Senate Judiciary Committee Chairman Chuck Grassley referred attorney Michael Avenatti and his client, Julie Swetnick, to the Justice Department for criminal investigation on Thursday in order to determine whether the two made false statements to Congress during Supreme Court Justice Brett Kavanaugh’s confirmation process, when Swetnick brought forward uncorroborated claims of sexual misconduct against the nominee.

In a letter to Attorney General Jeff Sessions and FBI Director Christopher Wray, Grassley wrote that Swetnick and Avenatti had made materially false statements during the Judiciary Committee’s investigation of allegations against Kavanaugh.

“Committee investigations in support of the judicial nomination process are an essential part of the Committee’s constitutional role,” Grassley wrote in his letter. “The Committee is grateful to citizens who come forward with relevant information in good faith, even if they are not one hundred percent sure about what they know. But when individuals intentionally mislead the Committee, they divert Committee resources during time-sensitive investigations and materially impede our work. Such acts are not only unfair; they are potentially illegal.”

The Judiciary Committee had concluded its hearings with Brett Kavanaugh when it was revealed that Dr. Christine Blasey Ford had sent a letter in July claiming that Kavanaugh had assaulted her during a social gathering in high school. Later, college classmate Deborah Ramirez said he drunkenly exposed himself to her during a dorm party. Swetnick, for her part, wrote in a sworn statement that she had gone to “well over ten house parties” in the Washington, D.C., area in the early 1980s, some of which Kavanaugh attended. “I became aware of efforts by Mark Judge, Brett Kavanaugh and others to ‘spike’ the ‘punch’ at house parties I attended with drugs and/or grain alcohol so as to cause girls to lose their inhibitions and their ability to say ‘No,’” she wrote. Kavanaugh denied all of the claims.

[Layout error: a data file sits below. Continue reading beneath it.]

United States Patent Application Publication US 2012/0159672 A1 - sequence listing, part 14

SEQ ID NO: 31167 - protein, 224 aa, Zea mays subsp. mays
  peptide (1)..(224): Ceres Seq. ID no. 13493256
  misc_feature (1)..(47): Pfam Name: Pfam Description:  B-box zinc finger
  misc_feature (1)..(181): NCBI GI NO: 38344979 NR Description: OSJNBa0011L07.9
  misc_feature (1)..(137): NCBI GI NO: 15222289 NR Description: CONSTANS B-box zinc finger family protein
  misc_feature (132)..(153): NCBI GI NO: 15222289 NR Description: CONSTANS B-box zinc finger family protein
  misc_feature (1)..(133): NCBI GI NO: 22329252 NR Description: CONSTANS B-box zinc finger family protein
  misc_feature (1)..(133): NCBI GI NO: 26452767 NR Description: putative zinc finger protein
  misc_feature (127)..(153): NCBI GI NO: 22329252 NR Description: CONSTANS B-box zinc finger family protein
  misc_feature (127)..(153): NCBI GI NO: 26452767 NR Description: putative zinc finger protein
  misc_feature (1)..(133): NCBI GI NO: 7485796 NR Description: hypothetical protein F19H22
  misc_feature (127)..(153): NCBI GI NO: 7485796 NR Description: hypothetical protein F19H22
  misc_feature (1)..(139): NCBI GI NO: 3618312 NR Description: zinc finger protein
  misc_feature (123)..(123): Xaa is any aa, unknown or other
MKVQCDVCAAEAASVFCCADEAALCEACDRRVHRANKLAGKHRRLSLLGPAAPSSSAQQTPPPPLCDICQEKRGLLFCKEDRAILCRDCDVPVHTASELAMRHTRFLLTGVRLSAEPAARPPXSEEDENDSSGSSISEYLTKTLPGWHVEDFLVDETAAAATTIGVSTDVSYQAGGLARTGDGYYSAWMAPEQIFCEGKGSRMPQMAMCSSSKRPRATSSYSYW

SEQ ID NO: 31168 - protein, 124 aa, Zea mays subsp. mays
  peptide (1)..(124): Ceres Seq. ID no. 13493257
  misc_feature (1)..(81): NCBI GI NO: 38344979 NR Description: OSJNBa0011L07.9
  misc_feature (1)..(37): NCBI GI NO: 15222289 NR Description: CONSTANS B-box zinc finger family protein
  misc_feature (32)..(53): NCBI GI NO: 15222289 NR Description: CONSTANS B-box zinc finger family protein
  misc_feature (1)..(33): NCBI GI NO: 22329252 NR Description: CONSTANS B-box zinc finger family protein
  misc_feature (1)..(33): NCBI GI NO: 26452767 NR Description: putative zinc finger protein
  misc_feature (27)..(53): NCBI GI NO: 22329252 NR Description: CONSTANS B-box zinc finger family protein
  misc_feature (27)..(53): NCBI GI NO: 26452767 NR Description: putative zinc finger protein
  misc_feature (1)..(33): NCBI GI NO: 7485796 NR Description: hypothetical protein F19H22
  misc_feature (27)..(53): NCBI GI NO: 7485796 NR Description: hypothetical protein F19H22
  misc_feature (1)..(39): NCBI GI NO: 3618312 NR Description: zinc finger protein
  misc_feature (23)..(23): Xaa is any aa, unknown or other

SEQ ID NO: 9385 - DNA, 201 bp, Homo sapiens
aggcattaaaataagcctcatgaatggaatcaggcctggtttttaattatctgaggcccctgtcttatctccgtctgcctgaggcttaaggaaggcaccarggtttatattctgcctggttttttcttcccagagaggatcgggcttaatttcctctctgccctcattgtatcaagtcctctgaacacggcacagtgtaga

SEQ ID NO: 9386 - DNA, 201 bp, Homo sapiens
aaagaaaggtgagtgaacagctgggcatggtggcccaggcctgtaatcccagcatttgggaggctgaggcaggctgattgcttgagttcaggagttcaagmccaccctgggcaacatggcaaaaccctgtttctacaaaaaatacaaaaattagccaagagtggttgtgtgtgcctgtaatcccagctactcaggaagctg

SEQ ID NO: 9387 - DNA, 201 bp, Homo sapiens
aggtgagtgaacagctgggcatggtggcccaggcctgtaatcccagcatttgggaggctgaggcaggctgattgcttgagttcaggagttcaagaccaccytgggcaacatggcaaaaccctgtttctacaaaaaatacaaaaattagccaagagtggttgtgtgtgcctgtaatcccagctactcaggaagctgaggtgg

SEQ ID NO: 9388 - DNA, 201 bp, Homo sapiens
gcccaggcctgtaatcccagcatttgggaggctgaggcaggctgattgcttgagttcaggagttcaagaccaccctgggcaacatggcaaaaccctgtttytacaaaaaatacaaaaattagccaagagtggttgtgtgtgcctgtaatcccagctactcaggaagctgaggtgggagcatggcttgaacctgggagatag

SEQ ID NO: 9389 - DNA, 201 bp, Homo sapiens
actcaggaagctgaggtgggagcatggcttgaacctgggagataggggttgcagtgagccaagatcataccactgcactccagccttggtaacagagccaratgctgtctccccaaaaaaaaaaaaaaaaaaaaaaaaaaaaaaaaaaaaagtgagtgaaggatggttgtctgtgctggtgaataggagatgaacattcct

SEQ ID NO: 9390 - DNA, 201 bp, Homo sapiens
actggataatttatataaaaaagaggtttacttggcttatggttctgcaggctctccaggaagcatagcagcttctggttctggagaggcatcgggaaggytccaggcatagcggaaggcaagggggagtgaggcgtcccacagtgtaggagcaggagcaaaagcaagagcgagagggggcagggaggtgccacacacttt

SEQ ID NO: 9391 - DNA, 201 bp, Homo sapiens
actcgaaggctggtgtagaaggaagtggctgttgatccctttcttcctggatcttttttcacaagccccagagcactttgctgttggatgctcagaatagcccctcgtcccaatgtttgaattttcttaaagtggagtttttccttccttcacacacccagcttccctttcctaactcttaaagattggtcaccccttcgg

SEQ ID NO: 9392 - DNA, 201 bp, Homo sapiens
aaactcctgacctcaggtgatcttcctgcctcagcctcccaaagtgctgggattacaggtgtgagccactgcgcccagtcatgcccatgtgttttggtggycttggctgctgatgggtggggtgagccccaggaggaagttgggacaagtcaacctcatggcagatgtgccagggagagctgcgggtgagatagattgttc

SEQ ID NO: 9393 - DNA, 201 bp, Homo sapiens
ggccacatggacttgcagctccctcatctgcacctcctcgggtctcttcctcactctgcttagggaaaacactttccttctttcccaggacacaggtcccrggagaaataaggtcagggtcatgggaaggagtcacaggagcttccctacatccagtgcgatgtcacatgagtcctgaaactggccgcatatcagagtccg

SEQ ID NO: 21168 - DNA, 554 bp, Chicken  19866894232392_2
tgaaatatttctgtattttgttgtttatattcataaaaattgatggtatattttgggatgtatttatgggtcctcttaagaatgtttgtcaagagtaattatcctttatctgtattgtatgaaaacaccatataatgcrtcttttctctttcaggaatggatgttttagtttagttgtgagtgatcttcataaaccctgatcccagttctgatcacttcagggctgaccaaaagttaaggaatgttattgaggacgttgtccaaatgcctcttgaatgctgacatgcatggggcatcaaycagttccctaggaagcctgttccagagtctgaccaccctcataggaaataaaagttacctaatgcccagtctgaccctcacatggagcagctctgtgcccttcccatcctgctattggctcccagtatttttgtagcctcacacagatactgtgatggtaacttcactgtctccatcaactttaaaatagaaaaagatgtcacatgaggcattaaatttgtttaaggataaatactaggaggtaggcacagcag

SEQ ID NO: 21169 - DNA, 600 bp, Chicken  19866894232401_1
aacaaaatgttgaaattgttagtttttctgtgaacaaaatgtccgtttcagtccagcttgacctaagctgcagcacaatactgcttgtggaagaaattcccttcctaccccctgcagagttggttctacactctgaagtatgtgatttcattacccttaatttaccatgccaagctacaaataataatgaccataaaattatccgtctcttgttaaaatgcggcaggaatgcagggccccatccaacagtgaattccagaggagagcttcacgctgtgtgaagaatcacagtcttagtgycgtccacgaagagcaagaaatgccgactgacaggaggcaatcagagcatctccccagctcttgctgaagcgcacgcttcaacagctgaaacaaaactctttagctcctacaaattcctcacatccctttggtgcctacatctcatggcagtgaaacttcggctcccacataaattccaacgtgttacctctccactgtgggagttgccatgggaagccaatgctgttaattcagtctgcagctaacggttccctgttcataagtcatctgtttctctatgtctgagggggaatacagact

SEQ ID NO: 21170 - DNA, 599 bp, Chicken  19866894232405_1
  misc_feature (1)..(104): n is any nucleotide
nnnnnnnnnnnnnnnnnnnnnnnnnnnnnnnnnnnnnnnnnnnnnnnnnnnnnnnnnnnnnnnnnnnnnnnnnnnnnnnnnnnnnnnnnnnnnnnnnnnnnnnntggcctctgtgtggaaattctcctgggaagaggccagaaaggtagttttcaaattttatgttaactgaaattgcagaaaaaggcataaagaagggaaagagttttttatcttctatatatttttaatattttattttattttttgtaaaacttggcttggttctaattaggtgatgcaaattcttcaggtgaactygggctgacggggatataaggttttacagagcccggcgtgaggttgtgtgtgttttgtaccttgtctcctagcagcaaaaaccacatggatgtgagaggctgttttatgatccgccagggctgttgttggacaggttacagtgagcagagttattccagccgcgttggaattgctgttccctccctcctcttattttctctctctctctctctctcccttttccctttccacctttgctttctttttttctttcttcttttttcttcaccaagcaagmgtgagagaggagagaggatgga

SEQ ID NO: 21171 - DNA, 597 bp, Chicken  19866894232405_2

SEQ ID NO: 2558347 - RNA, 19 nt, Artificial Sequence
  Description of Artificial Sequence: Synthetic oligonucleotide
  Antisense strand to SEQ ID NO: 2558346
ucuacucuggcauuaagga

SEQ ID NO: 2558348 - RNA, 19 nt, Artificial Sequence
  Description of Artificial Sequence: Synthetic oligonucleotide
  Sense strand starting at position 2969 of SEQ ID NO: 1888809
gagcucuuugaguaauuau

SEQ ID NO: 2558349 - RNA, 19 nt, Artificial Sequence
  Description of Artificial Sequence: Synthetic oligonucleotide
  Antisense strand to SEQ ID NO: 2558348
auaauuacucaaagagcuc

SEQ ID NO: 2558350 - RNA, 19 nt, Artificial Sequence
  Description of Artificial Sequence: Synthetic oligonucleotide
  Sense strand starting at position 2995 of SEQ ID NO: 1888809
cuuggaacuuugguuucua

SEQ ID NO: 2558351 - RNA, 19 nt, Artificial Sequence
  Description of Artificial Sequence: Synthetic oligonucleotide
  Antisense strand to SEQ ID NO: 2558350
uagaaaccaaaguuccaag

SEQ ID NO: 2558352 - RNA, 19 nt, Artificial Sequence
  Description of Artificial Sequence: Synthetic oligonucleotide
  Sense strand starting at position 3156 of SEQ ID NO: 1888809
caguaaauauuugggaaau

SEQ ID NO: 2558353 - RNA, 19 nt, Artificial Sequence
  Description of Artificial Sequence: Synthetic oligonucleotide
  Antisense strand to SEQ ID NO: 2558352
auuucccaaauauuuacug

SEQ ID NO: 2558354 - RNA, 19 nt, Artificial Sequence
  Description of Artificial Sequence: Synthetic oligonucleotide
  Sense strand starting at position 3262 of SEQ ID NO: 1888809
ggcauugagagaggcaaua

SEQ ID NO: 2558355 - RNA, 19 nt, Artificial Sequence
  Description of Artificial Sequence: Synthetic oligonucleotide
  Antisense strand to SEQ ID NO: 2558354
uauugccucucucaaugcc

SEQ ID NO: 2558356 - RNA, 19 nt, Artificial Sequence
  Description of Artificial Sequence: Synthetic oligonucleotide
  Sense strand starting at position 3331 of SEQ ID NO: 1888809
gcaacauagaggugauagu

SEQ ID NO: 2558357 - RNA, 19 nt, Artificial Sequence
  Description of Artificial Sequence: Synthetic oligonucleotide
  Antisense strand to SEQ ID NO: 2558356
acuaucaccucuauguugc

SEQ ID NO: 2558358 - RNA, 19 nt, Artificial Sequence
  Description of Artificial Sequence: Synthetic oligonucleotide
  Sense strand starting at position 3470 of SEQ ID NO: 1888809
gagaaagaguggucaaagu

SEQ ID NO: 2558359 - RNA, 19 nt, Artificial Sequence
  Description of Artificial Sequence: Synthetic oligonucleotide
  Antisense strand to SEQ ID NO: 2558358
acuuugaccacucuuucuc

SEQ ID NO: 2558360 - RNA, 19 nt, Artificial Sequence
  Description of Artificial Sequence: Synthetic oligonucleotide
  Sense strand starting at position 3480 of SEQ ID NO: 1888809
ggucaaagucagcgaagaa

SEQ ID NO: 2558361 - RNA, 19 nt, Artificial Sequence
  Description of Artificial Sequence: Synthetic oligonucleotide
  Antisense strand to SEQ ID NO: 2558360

Grassley said Thursday that Swetnick’s later statements to the media contradicted her story and noted the timing of her claim was suspect.

“While many of those individuals have provided the Committee information in good faith, it unfortunately appears some have not,” Grassley said in his letter on Thursday. “In short, it appears Ms. Swetnick has a substantial history of credibility issues. When viewed in light of the fact there is no credible evidence she ever knew Judge Kavanaugh, and the fact she has contradicted key aspects of her allegations against him, this lends credence to the likelihood that she made materially false statements to the Committee” in violation of the law, the Iowa Republican said.

Avenatti, naturally, responded to Grassley’s letter on Twitter.

Avenatti first shared Swetnick’s story in a vague tweet in September after the New Yorker reported Ramirez’s claims, saying that a teenage Kavanaugh had been involved in drugging women who were later gang-raped at parties. Avenatti did not provide information about who his client was in the initial tweet, and he did not share any corroborating evidence for the explosive allegation. Three days later, after going back and forth with Senate Judiciary staff, Avenatti revealed Swetnick, 55, was his client.

Grassley said in his letter on Thursday that committee staff had investigated Swetnick’s story, questioning Kavanaugh twice and contacting Swetnick's former associates. Grassley noted that staff “sought to interview Ms. Swetnick, but Mr. Avenatti refused.” Kavanaugh was confirmed 50-48 by Senate Republicans on October 6, afterFord testified before the Judiciary Committee and the FBI completed a supplemental background check of the nominee.

“When charlatans make false claims to the Committee—claims that may earn them short-term media exposure and financial gain, but which hinder the Committee’s ability to do its job—there should be consequences,” he said.